I also came across
mrhistmatch scale after I posted my question, using the b=0 from the b2000 and b3000 acquisitions as input images and the b=0 from b1000 as target. I used the same brain mask as mask_input and mask_target, simply obtained with
dwi2mask on the b1000 acquisition. However, the mean b=0 intensity of the scaled images was not equal across series. From what you mention, I can assume that this is due to an improper use of the brain mask?
dwicat were to not use
mrhistmatch scale, and instead just set the mean b=0 intensity (optionally within a mask) to some fixed value, then one would expect that following
dwicat, the mean b=0 intensity (within the mask if a mask was used) would be that fixed value and hence identical across series. So assuming that you either used a mask for both intensity matching and testing of the intensity matching, or you didn’t use a mask in either case, the masking is a red herring.
The reason why the mean b=0 intensities don’t match exactly in this case is because that’s not what
mrhistmatch scale does. If it just took the mean intensities and made them equivalent, I’m not sure if that would classify as “histogram matching”; “intensity matching” maybe.
Now here’s where things get weird (and this is possibly another source of internal doubt about more widely advocating the use of
dwicat). And hopefully I get this right and don’t make a fool of myself.
What’s actually happening is that the image intensities are all being sorted and concatenated into a large linear equation, the solution to which is the scaling factor that makes those histograms most similar to one another. If using
linear, this linear system formulation is necessary in order to simultaneously estimate both a slope and intercept for modulating the intensities of one image to match another. But in the case of
mrhistmatch scale, this linear system of Ax=b has A as a N x 1 vector of input image intensities, x is a 1 x 1 “matrix” which is just the scaling factor, and b is a N x 1 vector of target image intensities (there’s some internal trickery in here to deal with the case where the target image may not have the same number of voxels as the input image, but I’ll spare the headache as much as possible).
This gets solved using the Normal Equation (as of
ATAx = ATb
Both ATA and ATb are just scalars. So really, what
mrhistmatch scale is doing is finding the right multiplicative factor:
x = ATb / ATA
that will make (
input_image x target_image) equivalent to (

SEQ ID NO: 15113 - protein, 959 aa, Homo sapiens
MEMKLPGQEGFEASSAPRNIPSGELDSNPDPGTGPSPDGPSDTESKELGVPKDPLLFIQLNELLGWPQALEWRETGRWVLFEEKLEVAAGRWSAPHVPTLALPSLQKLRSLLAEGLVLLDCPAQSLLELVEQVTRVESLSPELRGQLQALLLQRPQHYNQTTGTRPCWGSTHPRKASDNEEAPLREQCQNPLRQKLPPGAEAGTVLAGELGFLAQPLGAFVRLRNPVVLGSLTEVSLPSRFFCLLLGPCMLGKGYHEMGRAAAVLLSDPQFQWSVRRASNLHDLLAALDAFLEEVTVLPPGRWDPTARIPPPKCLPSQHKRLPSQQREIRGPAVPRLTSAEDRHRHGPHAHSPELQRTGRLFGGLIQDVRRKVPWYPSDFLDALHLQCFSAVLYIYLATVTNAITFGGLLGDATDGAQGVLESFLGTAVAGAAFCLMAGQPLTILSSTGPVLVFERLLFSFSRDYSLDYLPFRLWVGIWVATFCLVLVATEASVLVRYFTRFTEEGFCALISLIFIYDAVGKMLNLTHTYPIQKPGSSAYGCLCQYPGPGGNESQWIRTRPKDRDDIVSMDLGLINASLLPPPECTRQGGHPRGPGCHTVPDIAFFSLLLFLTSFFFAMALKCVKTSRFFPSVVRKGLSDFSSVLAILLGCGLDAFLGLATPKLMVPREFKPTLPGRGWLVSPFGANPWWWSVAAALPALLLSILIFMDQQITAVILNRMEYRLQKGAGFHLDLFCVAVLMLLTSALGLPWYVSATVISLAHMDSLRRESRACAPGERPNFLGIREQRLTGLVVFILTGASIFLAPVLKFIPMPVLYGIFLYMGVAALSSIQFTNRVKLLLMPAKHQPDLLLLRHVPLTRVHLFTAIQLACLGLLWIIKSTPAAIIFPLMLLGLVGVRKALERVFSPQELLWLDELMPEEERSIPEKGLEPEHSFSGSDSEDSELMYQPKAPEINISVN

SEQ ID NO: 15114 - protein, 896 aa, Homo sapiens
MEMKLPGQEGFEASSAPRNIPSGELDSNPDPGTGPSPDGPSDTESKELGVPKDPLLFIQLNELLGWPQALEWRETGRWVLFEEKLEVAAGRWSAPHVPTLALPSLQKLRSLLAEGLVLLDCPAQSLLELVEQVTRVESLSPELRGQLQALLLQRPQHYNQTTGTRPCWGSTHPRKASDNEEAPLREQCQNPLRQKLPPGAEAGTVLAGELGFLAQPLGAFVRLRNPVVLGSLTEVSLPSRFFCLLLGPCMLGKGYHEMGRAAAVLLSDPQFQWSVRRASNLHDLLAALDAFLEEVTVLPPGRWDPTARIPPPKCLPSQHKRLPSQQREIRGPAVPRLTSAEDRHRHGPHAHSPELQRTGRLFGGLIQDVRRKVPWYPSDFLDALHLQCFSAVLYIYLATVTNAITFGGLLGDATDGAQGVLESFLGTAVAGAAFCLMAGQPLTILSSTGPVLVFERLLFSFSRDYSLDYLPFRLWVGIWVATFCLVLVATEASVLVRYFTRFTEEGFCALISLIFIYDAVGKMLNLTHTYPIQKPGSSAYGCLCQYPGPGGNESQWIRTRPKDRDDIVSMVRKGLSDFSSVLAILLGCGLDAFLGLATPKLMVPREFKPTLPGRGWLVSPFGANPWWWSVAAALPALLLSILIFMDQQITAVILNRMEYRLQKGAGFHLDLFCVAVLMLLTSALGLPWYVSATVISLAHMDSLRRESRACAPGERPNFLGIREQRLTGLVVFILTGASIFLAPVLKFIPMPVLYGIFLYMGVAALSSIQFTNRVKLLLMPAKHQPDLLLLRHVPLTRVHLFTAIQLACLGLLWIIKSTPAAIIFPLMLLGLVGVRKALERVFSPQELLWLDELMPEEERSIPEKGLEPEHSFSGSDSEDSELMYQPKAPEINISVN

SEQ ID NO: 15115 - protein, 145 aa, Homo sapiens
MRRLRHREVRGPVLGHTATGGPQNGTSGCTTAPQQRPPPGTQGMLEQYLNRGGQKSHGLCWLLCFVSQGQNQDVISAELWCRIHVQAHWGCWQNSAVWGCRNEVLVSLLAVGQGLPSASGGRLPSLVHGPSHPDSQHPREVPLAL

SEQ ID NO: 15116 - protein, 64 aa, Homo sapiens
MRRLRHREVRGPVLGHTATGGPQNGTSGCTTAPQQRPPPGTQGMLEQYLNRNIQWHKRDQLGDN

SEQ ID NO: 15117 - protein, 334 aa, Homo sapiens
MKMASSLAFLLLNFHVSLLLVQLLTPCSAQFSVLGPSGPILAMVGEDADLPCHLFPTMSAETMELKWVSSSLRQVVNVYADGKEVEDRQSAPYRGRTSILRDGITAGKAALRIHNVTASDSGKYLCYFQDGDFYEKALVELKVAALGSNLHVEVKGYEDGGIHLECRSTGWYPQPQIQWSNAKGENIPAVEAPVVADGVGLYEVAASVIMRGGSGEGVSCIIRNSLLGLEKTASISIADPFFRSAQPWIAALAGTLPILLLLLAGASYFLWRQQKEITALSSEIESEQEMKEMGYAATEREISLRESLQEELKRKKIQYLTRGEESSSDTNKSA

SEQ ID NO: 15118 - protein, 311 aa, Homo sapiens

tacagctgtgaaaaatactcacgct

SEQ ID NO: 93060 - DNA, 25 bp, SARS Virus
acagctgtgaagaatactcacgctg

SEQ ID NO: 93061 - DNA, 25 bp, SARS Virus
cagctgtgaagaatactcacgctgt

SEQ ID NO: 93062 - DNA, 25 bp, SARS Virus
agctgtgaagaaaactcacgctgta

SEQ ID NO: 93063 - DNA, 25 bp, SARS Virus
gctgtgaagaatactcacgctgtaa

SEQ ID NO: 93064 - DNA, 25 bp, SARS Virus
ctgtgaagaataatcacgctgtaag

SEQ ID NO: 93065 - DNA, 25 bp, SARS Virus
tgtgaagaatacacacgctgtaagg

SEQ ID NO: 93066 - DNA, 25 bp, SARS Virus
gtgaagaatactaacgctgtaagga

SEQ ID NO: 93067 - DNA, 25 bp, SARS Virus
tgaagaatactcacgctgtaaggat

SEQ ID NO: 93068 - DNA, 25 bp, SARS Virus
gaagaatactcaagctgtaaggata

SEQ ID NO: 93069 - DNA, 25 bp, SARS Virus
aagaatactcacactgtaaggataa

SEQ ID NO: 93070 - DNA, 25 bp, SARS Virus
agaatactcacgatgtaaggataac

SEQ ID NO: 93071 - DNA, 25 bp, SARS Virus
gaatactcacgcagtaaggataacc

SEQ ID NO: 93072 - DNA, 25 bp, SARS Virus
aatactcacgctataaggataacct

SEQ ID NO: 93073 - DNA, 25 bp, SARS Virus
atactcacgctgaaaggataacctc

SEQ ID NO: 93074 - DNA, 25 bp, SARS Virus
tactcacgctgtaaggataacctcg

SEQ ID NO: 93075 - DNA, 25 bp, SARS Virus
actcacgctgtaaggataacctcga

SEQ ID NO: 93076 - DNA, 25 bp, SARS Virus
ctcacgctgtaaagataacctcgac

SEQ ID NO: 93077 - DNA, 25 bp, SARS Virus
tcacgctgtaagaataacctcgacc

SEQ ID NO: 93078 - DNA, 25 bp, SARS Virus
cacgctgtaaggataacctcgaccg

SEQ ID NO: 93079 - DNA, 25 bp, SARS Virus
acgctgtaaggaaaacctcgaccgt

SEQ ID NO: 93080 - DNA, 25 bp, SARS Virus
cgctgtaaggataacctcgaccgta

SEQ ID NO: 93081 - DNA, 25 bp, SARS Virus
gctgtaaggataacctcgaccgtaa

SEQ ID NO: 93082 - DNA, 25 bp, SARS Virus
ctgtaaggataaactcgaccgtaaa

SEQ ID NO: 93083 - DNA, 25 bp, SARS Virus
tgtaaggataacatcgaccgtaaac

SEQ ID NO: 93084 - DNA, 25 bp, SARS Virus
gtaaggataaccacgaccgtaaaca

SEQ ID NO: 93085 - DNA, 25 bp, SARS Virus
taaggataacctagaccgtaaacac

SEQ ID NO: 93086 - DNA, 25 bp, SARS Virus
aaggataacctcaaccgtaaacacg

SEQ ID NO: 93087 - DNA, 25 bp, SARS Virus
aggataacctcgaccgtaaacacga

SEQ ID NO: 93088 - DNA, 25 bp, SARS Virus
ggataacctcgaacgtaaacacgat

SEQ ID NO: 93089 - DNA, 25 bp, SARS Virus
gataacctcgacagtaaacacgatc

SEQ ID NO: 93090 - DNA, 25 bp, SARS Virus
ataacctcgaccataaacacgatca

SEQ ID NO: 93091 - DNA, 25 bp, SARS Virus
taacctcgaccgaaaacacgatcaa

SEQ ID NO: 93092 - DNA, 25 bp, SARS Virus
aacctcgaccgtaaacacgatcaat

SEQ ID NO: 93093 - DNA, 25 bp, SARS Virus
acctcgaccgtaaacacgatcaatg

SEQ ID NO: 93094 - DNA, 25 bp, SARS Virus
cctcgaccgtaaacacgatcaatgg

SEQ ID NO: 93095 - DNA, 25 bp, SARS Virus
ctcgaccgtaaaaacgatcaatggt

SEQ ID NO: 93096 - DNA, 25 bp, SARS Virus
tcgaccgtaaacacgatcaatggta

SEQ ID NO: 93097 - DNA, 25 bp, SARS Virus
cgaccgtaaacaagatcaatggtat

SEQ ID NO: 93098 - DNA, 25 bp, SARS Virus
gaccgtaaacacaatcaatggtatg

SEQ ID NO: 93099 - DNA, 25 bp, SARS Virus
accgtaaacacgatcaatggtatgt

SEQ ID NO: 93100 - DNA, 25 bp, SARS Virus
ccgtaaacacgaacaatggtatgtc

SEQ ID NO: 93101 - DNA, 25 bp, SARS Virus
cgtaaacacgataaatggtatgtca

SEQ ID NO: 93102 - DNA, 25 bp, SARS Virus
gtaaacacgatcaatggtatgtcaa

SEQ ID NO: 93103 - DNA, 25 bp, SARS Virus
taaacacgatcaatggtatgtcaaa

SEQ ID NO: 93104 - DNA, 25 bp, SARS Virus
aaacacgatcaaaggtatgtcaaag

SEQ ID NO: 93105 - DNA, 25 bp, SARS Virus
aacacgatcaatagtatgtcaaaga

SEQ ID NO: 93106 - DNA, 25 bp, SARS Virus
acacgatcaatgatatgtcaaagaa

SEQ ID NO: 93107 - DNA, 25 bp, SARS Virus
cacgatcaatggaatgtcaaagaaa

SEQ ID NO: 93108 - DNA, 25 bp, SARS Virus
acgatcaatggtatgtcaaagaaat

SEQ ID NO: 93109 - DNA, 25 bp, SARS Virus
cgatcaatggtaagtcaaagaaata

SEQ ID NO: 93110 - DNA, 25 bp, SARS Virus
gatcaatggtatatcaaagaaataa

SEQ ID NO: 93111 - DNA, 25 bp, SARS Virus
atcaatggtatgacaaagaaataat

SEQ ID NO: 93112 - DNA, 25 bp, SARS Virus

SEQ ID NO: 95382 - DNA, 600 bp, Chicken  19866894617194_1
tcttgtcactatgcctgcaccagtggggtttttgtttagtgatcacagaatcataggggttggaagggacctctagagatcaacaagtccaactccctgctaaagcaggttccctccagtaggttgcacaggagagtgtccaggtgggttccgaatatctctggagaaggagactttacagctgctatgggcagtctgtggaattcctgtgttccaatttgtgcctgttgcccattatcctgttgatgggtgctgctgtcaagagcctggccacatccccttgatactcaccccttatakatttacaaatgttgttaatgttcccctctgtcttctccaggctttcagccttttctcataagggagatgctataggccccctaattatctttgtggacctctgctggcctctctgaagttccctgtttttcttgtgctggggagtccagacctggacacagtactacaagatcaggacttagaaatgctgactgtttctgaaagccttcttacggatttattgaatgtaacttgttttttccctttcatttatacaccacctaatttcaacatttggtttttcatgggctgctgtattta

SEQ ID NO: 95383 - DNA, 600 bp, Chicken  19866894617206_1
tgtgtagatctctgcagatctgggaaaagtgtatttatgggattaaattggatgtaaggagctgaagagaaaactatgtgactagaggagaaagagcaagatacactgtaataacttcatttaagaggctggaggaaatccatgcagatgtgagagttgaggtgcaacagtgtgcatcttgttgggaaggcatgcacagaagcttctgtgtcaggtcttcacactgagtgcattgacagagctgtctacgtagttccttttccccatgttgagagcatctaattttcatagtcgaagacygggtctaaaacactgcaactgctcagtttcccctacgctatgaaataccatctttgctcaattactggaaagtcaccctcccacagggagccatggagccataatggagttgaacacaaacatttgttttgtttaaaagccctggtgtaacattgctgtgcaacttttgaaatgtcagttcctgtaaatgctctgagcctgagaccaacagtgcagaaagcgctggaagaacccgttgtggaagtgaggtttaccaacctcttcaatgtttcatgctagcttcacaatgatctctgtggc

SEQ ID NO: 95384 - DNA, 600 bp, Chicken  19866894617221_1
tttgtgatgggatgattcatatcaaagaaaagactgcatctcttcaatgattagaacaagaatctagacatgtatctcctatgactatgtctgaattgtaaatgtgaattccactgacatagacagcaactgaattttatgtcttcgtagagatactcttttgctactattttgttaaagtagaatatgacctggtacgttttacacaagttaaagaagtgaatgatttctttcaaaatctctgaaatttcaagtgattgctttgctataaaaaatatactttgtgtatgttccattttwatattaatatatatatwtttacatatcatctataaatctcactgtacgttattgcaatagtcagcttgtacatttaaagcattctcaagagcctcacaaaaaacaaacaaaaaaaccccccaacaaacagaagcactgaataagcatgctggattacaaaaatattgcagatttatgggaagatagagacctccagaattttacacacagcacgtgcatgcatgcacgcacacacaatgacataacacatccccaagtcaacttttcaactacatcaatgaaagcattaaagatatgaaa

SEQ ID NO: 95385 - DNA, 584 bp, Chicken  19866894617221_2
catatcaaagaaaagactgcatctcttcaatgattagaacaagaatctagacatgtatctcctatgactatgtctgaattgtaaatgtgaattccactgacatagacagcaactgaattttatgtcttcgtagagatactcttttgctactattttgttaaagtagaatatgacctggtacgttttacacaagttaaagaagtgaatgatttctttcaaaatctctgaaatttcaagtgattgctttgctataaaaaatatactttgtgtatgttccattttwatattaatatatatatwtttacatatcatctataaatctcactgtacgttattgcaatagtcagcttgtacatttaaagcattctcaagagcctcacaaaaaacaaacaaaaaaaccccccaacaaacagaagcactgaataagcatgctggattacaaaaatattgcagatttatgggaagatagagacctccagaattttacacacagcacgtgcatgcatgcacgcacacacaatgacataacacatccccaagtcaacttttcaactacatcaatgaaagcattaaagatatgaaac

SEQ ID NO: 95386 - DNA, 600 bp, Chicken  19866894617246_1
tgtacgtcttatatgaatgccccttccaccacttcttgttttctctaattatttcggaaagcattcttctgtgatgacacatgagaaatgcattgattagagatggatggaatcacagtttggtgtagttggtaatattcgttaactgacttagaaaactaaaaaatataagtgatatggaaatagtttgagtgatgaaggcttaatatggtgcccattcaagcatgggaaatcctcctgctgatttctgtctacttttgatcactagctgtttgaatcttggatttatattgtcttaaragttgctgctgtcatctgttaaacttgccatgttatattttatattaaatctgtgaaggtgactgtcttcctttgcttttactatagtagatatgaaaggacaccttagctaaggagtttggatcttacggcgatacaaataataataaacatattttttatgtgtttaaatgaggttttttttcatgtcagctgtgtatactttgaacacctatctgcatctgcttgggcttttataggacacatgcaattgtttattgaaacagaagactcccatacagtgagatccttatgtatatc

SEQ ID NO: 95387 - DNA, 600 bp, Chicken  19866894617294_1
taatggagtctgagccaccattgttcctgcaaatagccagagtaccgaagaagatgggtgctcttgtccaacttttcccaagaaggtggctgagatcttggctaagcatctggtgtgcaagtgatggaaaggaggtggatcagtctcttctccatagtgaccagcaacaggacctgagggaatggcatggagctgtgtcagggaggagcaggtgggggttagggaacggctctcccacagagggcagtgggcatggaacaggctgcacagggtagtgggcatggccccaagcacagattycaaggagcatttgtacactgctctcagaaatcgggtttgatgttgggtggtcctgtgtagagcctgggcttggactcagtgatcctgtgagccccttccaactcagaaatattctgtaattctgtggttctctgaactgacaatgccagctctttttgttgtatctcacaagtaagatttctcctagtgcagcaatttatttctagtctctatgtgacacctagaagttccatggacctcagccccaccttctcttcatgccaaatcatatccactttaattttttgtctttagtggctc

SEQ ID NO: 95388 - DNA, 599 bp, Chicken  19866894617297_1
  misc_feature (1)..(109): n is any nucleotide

input_image x input_image), where this is a kind of multiplication of “corresponding” intensities between two images.
This contrasts against just making the mean b=0 image intensities equivalent, which in this notation (and limited typesetting) would look something like:
x = mean(b) / mean(A)
So the fact that
mrhistmatch scale is doing something different to just making the means equivalent means () that the means won’t necessarily be equivalent afterwards. Your homework question is: Is the former approach better?
dwicat also rely on the use of a good brain mask to achieve a good result (if it is basically doing the same as
I’d say that the precision of
dwicat is better if it can be provided with a reasonable mask. It works without one, but the fact that you then have a lot of pure-noise voxels contributing to the intensity matching means that the estimates are not quite as good. I did some testing at the time where I extracted different b=0 volumes, artificially scaled them, and then checked the scaling factors estimated within
dwicat, and from memory the errors relative to the actual induced scaling were less if a mask was used. But this was not robust testing across a range of datasets.
Since this might not be trivial, then I think I would be better off maybe scaling the mean intensity “by hand” (with the above mentioned approach), and then concatenate them with
mrcat instead, no?
Better would be to modify
dwicat to have a command-line option to use the mean b=0 intensity of each series for determining the appropriate scaling factors instead of
mrhistmatch. That would take far less effort overall if you have a lot of data to process. But I would not expect use of the mean intensity to be any less dependent on masking than the
Would then this be a non-fundamental issue in my case?
If it’s purely single-subject analysis, then it’s likely the case that the whole pipeline is in fact invariant to this process. However if you’re doing a group analysis, and hence using group-averaged response functions, then fluctuations of image intensities within specific shells would bias the tissue decomposition in one direction or another.
Regardless of the specific method, is there a specific order how they should be concatenated? (e.g. all b0s stacked at the beginning of each shell?)
Not for any MRtrix3 commands. Anything that is b-value dependent will explicitly group image volumes into “shells”, and interpret them based on the diffusion sensitisation direction (or equivalently to one another in the case of b=0 volumes), and so is order-independent both within and between shells.